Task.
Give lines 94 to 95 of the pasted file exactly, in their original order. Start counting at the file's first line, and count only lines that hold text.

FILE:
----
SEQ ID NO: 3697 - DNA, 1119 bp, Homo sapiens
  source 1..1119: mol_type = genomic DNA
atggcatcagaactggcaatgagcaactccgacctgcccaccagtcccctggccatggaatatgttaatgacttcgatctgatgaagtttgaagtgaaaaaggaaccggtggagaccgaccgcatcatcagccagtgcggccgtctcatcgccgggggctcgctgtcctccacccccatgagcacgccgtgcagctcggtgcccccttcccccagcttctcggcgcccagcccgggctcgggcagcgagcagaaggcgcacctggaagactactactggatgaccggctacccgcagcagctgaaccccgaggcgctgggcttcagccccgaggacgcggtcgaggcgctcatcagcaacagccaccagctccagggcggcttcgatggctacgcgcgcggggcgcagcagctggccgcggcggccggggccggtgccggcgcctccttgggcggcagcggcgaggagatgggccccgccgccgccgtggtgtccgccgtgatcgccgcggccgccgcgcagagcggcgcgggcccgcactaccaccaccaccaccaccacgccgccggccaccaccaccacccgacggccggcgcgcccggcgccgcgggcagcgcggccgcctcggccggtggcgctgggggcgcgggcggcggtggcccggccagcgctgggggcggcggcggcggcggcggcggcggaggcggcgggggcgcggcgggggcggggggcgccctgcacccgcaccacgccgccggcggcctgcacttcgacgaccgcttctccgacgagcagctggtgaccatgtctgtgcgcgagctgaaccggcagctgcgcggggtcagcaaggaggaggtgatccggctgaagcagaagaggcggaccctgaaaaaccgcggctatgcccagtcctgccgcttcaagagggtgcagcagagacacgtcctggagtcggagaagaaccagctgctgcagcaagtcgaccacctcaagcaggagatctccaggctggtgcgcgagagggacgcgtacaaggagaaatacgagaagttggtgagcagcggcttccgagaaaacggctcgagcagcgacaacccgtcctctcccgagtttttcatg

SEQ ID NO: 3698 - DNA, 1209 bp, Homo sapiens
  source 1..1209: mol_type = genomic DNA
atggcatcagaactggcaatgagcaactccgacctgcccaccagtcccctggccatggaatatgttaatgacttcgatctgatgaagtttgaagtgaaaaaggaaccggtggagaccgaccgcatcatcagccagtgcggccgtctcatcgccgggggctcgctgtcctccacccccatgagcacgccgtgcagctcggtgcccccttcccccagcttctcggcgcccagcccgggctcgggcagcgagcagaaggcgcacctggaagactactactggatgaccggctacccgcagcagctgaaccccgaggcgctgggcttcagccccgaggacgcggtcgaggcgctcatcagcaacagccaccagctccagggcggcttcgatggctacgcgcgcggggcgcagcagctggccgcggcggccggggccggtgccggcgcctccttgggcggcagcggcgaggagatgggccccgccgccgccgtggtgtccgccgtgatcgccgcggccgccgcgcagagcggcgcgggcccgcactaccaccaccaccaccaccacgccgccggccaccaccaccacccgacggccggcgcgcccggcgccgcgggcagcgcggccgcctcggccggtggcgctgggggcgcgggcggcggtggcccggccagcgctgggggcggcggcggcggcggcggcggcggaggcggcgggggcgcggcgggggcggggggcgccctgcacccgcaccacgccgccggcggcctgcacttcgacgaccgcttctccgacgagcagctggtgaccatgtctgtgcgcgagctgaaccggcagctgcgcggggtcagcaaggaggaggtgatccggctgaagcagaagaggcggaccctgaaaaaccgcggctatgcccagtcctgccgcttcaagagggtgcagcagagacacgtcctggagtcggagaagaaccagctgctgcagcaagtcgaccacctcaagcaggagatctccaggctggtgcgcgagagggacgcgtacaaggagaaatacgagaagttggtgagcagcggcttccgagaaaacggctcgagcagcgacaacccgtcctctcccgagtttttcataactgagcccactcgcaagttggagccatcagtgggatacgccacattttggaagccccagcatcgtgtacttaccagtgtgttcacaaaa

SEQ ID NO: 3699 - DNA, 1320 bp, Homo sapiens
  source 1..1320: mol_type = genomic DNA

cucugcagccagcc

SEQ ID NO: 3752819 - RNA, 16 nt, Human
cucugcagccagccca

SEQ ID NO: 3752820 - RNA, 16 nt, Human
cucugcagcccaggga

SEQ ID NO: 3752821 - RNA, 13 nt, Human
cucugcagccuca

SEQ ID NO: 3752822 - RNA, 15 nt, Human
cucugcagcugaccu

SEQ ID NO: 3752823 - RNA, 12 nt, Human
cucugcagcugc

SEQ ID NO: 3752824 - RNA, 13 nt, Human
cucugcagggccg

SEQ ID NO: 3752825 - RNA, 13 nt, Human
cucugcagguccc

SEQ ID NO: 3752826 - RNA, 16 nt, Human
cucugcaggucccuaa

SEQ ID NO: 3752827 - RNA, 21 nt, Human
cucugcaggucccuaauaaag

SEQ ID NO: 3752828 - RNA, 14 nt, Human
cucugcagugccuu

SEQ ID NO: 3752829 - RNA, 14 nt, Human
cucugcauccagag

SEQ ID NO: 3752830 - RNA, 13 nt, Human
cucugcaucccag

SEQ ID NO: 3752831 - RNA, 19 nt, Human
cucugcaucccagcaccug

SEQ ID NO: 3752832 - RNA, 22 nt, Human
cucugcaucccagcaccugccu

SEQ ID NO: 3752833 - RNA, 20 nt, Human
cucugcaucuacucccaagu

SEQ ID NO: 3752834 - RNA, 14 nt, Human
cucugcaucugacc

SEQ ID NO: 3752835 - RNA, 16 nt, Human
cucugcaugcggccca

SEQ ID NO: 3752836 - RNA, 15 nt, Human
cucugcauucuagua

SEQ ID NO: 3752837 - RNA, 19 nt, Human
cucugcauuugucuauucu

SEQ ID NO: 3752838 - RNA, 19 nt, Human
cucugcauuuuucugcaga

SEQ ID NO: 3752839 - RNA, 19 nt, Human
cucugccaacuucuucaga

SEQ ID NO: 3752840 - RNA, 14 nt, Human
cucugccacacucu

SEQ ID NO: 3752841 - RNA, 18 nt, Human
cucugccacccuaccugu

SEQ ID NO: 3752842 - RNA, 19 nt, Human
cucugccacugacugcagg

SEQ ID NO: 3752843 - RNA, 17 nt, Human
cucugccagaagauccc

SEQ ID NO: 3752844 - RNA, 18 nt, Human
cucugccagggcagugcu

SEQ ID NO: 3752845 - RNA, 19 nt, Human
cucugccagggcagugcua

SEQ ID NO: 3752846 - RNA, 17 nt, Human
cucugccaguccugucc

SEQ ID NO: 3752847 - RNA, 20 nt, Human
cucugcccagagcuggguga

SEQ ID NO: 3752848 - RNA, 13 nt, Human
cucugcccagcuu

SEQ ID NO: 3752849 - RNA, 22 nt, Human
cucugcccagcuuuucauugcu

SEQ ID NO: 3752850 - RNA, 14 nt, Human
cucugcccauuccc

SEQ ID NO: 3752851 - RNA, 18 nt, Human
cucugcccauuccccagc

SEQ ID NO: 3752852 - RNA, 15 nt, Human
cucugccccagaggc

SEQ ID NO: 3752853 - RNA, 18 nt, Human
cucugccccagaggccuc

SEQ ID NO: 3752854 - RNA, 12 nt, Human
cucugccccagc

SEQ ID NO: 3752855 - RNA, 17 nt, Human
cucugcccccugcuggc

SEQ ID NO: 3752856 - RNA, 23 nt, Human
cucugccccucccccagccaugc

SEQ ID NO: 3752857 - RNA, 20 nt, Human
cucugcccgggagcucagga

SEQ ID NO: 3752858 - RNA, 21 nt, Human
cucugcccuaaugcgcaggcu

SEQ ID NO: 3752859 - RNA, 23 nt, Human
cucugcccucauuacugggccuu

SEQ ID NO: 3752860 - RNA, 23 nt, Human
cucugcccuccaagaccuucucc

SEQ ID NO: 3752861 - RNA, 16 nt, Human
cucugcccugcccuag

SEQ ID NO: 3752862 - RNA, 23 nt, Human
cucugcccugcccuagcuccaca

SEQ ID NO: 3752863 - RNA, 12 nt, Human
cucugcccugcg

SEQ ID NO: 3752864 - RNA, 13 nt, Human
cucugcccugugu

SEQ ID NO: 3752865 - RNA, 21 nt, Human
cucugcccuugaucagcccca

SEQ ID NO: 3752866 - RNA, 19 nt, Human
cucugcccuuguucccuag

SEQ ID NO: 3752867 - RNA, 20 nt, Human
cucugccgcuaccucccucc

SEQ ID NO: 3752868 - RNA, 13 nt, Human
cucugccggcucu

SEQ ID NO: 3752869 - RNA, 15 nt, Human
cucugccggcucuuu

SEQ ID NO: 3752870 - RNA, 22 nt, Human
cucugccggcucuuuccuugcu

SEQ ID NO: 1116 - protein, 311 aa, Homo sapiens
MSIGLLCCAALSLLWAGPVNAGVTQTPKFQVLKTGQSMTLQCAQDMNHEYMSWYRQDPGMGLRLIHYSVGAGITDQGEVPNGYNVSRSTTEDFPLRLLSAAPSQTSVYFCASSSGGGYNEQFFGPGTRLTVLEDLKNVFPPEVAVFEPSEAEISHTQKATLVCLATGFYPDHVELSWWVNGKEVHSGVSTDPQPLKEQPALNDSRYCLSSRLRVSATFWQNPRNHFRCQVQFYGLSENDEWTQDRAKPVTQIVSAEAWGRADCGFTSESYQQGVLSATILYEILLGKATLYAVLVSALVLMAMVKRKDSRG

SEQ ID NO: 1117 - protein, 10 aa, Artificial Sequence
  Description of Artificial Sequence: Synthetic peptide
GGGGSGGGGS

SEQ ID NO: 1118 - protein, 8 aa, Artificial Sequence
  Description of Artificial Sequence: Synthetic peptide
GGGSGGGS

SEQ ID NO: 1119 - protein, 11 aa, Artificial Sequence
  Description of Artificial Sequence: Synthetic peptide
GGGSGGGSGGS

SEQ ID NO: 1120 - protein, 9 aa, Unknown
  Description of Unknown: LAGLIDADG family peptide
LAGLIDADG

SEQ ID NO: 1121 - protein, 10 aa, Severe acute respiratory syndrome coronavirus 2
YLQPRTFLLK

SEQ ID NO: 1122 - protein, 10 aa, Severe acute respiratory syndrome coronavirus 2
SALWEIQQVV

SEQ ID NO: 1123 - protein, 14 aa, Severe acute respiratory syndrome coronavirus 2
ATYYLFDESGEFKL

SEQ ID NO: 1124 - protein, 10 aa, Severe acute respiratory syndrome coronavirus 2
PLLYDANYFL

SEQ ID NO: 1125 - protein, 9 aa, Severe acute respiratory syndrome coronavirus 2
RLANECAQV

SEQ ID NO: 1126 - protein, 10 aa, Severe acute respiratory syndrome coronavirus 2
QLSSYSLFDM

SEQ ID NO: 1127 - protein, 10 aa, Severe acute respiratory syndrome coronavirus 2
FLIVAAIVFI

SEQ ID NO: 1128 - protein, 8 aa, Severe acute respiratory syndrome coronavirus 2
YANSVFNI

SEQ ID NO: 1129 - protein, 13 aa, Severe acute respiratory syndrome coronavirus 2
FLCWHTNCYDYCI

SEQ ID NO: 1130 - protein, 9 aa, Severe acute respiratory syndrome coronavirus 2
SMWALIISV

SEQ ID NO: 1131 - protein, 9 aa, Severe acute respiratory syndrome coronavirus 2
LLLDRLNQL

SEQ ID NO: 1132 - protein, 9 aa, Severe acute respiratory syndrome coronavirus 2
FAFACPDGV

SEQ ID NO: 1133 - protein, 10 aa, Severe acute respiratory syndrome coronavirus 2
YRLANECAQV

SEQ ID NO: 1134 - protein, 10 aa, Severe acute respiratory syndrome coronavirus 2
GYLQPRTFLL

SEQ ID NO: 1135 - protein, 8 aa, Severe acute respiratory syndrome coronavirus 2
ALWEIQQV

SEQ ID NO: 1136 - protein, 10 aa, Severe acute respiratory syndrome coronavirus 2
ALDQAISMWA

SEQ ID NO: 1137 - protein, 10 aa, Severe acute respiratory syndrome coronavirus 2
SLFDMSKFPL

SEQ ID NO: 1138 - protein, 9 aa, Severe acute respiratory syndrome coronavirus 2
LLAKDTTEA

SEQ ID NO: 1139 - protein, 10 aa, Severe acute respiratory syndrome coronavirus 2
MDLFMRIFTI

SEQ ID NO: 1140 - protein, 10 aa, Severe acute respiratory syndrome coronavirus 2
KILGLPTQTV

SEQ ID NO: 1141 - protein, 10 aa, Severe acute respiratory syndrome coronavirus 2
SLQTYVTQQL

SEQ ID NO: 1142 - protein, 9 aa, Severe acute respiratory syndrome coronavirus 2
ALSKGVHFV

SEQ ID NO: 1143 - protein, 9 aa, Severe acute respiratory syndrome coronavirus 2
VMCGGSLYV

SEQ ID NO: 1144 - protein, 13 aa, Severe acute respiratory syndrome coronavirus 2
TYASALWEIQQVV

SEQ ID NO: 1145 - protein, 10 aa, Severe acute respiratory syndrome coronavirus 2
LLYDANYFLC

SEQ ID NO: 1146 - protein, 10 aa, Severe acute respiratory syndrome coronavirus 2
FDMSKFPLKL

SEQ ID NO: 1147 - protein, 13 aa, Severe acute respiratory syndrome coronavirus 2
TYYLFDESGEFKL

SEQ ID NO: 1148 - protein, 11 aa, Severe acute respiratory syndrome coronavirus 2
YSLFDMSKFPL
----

SEQ ID NO: 3752861 - RNA, 16 nt, Human
cucugcccugcccuag